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Worth seeing

Virtually untouched by the destruction of two World Wars, Ghent is home to more than 9,800 culturally and historically significant landmarks.

Its “wonderful mix of magnificent past and modern, pulsating life” put Ghent in third place in the world ranking of the most authentic travel destinations compiled by National Geographic Traveller Magazine in 2008.

Most of the medieval and early modern buildings in Ghent survived the wars unscathed. The more than 9,800 culturally and historically significant buildings make any stroll through the capital of East Flanders a walk through history. Three towers – the Belfried, 95 metres tall (UNESCO Word Cultural Heritage Site), the tower of St. Bavo Cathedral, and the tower of St. Niklas Church – shape the city’s silhouette. Ghent has received numerous awards for its inventive illumination concept, which makes the downtown area at night especially delightful.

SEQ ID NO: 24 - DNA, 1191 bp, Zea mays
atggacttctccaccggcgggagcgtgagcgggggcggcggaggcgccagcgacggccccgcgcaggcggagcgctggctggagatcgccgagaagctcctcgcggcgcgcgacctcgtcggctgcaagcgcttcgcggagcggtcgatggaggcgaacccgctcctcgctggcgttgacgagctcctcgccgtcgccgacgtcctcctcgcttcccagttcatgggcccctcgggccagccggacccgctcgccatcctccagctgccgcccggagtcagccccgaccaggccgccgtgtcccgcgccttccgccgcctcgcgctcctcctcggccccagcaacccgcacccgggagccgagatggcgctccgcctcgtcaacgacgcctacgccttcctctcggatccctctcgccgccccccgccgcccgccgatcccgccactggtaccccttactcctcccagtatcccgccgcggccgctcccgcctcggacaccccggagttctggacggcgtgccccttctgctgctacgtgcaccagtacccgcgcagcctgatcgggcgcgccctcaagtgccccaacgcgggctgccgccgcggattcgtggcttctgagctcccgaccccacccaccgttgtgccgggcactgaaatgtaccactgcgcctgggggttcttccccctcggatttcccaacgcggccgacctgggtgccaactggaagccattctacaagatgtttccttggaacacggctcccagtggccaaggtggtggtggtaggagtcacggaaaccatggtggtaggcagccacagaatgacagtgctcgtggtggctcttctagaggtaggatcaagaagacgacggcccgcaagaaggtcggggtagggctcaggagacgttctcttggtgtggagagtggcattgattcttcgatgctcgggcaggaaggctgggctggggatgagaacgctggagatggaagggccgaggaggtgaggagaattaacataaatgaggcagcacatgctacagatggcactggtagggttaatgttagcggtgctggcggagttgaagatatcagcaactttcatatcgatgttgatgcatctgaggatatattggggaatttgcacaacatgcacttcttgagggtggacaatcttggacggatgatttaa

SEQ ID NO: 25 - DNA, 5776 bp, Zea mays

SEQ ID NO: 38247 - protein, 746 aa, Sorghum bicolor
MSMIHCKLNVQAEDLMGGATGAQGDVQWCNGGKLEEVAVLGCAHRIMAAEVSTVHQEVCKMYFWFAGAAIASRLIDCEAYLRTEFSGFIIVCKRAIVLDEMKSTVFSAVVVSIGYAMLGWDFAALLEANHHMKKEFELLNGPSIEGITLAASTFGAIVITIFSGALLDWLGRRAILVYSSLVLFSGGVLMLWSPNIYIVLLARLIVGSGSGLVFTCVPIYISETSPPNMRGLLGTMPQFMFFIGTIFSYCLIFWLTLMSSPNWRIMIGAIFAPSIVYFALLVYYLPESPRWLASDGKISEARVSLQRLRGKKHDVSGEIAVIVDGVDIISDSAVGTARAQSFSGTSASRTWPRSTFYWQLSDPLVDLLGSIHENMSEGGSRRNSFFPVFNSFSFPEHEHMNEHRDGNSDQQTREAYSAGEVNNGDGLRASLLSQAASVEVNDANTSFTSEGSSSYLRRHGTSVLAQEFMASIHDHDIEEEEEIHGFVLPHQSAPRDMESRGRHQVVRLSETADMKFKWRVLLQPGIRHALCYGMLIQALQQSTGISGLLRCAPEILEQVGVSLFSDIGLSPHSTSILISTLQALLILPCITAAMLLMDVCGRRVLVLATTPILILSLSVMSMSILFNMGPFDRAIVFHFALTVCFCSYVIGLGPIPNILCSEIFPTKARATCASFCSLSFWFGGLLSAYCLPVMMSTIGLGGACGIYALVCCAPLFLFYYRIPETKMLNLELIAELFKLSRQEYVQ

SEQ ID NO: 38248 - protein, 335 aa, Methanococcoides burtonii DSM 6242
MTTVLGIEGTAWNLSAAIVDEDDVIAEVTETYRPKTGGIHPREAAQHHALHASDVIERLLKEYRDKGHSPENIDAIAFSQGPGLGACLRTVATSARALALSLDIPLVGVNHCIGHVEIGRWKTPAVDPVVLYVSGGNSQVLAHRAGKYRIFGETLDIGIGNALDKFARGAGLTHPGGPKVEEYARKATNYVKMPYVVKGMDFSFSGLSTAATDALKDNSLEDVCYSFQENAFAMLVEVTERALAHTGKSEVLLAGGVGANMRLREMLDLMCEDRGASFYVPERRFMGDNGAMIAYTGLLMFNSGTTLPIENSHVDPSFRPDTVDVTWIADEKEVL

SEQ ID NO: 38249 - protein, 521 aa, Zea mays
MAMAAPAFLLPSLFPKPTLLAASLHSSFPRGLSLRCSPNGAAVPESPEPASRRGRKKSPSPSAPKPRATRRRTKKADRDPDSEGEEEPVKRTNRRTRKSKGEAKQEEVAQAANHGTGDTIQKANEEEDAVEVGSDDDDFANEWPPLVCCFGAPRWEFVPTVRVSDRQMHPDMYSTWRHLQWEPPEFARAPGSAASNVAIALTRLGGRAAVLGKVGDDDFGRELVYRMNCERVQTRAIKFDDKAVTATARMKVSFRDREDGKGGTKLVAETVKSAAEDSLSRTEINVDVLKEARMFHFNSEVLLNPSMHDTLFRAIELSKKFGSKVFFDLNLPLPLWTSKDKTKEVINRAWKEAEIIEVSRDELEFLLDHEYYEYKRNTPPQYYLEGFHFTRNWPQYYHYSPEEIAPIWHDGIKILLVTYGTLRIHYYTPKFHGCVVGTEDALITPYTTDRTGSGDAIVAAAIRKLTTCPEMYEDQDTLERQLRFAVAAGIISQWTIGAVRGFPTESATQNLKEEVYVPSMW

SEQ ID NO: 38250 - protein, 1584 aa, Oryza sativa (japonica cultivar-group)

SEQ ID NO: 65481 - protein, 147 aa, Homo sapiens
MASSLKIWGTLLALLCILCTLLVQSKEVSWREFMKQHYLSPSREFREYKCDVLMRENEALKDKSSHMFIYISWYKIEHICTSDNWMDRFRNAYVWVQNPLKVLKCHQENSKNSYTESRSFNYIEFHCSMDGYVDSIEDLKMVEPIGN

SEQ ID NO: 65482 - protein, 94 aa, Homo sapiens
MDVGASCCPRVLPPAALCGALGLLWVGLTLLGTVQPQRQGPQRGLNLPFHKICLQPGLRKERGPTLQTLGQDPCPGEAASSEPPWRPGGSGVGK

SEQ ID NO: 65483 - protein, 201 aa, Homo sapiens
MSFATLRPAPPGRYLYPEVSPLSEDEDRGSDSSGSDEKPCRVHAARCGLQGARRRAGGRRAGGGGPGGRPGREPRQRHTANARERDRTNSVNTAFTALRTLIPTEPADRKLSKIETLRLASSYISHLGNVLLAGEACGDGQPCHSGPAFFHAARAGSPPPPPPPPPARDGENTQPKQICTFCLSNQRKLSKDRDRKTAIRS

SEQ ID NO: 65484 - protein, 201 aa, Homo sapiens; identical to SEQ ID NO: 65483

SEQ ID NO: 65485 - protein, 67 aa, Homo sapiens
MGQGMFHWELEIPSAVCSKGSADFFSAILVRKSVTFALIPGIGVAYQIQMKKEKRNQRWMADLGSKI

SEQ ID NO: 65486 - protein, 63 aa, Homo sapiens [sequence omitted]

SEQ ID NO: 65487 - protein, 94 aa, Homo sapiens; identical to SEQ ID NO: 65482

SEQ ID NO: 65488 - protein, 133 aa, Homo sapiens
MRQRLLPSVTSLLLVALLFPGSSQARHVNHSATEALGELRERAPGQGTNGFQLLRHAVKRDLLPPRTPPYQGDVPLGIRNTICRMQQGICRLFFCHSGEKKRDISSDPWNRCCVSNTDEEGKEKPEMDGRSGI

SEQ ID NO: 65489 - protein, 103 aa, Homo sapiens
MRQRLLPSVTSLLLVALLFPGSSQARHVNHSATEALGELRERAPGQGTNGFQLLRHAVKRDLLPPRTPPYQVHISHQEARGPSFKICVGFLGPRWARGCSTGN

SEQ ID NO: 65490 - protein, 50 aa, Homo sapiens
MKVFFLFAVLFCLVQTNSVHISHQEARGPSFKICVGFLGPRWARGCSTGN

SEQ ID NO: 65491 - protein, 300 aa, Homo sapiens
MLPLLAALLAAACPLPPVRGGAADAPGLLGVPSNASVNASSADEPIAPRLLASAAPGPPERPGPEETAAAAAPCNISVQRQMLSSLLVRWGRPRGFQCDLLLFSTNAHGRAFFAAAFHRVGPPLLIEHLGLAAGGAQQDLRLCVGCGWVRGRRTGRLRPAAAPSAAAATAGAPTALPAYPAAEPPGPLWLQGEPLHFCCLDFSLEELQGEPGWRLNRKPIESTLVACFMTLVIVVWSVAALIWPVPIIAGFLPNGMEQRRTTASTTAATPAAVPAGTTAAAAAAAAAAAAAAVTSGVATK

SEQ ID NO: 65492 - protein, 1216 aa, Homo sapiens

Ghent offers many impressive buildings that should definitely be included in every sightseeing tour, among them the Late Gothic Stadhuis, the Graslei and Korenlei near the old harbour canal, the gabled and guild houses, the old Post Office, and Gravensteen Castle, the only remaining Romanesque medieval castle in Flanders (twelfth century). The Cour St. Georges Hotel is considered to be the oldest hotel in Europe. The Old Law Courts and the Ghent Opera are considered masterpieces of Neo-Classical architecture.